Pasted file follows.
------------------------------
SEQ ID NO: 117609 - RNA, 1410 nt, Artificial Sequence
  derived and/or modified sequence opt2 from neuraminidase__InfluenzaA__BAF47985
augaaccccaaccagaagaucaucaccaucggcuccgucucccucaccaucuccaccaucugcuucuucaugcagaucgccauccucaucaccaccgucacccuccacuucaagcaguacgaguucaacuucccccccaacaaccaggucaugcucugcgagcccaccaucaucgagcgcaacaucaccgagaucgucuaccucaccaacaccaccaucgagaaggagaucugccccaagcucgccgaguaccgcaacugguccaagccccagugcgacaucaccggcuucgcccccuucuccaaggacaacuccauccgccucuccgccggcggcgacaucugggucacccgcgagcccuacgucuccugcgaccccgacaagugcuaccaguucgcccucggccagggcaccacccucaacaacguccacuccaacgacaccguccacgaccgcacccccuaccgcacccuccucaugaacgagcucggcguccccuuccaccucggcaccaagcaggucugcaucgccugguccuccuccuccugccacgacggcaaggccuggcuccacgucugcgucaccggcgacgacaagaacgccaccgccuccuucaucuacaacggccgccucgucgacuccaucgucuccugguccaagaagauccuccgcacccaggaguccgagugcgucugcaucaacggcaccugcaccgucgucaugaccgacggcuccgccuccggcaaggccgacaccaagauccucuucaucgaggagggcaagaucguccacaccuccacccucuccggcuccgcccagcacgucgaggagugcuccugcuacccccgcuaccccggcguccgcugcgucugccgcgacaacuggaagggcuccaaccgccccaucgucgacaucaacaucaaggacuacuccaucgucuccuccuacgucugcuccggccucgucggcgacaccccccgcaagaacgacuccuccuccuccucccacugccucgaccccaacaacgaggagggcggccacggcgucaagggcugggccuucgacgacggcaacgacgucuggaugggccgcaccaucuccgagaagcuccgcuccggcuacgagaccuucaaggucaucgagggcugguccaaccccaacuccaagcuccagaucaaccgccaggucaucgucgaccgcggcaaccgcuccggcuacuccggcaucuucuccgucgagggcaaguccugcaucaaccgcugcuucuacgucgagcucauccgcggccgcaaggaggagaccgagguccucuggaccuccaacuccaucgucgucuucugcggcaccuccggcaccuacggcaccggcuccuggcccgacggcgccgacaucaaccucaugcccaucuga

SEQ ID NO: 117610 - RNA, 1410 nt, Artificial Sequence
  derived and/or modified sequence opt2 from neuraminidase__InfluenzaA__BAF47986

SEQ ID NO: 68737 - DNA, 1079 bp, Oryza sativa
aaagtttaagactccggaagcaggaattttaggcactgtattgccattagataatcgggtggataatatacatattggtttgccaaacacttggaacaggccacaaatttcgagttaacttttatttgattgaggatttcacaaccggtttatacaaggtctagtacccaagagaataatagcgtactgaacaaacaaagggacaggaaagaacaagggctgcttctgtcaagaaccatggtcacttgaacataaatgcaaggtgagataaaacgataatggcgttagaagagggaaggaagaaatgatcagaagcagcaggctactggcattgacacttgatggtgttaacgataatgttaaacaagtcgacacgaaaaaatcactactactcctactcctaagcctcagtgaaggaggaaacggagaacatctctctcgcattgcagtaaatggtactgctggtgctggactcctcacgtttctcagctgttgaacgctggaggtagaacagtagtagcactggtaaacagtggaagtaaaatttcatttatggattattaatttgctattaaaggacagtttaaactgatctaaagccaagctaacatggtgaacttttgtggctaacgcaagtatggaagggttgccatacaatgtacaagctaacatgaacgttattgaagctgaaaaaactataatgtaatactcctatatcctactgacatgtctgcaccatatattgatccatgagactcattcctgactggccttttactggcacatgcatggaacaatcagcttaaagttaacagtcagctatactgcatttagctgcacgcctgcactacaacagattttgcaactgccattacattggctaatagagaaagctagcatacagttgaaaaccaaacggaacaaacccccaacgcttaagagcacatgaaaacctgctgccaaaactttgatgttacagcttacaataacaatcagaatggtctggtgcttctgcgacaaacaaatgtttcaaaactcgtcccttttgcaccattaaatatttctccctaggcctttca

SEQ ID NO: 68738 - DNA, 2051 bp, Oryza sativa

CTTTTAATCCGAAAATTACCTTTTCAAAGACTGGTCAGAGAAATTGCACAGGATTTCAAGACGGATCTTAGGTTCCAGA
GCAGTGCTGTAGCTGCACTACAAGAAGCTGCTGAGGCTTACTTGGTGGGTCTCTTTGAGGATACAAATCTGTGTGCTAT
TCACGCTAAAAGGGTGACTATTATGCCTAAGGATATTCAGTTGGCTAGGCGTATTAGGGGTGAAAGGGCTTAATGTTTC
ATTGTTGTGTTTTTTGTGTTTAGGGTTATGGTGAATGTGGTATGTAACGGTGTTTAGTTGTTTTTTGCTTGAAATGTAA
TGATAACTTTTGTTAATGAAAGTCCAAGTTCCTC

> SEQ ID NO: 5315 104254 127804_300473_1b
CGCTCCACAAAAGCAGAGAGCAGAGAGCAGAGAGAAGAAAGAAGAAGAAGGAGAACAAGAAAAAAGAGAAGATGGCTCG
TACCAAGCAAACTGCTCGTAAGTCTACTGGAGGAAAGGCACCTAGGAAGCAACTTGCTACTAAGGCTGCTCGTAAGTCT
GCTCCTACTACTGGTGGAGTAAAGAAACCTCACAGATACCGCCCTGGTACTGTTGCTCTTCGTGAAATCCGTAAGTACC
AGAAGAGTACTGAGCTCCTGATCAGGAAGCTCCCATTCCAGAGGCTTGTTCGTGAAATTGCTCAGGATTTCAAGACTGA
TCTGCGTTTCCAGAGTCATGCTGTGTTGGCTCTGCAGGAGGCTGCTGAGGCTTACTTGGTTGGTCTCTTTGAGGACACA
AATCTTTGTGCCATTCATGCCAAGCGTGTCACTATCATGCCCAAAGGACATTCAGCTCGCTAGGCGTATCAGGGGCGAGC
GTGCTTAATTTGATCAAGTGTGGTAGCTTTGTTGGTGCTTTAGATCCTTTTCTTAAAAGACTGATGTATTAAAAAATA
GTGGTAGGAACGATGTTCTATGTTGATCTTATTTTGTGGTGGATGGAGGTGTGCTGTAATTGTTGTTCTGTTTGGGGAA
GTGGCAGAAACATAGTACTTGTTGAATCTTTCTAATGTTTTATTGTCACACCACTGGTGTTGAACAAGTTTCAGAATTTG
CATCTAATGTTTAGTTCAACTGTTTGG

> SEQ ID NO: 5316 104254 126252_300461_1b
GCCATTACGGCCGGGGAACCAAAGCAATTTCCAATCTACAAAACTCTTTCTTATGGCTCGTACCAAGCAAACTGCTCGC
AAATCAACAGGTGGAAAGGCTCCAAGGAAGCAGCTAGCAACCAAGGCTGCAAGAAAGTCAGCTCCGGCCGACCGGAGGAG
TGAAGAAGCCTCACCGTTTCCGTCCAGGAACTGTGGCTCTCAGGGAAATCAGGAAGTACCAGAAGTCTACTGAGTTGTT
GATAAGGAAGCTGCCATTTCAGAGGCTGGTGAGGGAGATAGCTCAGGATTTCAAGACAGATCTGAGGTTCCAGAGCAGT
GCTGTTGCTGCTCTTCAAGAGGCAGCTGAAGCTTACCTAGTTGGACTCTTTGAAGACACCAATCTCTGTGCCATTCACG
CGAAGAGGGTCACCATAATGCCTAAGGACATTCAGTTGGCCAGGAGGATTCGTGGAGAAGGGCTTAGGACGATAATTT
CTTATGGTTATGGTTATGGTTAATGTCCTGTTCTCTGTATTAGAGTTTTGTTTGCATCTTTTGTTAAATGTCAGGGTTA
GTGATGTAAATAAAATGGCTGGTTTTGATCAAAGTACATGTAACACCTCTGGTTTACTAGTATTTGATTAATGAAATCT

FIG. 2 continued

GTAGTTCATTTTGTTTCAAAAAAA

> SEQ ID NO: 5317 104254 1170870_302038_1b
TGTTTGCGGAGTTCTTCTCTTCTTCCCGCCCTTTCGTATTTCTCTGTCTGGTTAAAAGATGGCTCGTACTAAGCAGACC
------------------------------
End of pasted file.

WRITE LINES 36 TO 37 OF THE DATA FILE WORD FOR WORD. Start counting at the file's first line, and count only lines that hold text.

> SEQ ID NO: 5317 104254 1170870_302038_1b
TGTTTGCGGAGTTCTTCTCTTCTTCCCGCCCTTTCGTATTTCTCTGTCTGGTTAAAAGATGGCTCGTACTAAGCAGACC